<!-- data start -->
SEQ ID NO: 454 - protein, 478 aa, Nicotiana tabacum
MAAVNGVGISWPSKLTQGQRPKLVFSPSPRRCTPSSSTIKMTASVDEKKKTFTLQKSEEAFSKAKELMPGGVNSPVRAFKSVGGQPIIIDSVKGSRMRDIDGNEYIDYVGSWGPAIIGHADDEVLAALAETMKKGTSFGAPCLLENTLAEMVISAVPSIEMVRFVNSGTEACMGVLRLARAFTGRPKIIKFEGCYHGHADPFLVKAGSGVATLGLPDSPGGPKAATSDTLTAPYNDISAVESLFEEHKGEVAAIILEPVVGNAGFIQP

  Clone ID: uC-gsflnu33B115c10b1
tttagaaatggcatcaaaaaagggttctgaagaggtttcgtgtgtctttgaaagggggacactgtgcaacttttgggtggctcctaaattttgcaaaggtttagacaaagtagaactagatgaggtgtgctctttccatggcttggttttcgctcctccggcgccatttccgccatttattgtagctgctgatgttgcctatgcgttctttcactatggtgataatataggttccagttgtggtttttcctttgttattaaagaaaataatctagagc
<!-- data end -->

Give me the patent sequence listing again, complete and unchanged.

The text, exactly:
SEQ ID NO: 454 - protein, 478 aa, Nicotiana tabacum
MAAVNGVGISWPSKLTQGQRPKLVFSPSPRRCTPSSSTIKMTASVDEKKKTFTLQKSEEAFSKAKELMPGGVNSPVRAFKSVGGQPIIIDSVKGSRMRDIDGNEYIDYVGSWGPAIIGHADDEVLAALAETMKKGTSFGAPCLLENTLAEMVISAVPSIEMVRFVNSGTEACMGVLRLARAFTGRPKIIKFEGCYHGHADPFLVKAGSGVATLGLPDSPGGPKAATSDTLTAPYNDISAVESLFEEHKGEVAAIILEPVVGNAGFIQP

  Clone ID: uC-gsflnu33B115c10b1
tttagaaatggcatcaaaaaagggttctgaagaggtttcgtgtgtctttgaaagggggacactgtgcaacttttgggtggctcctaaattttgcaaaggtttagacaaagtagaactagatgaggtgtgctctttccatggcttggttttcgctcctccggcgccatttccgccatttattgtagctgctgatgttgcctatgcgttctttcactatggtgataatataggttccagttgtggtttttcctttgttattaaagaaaataatctagagc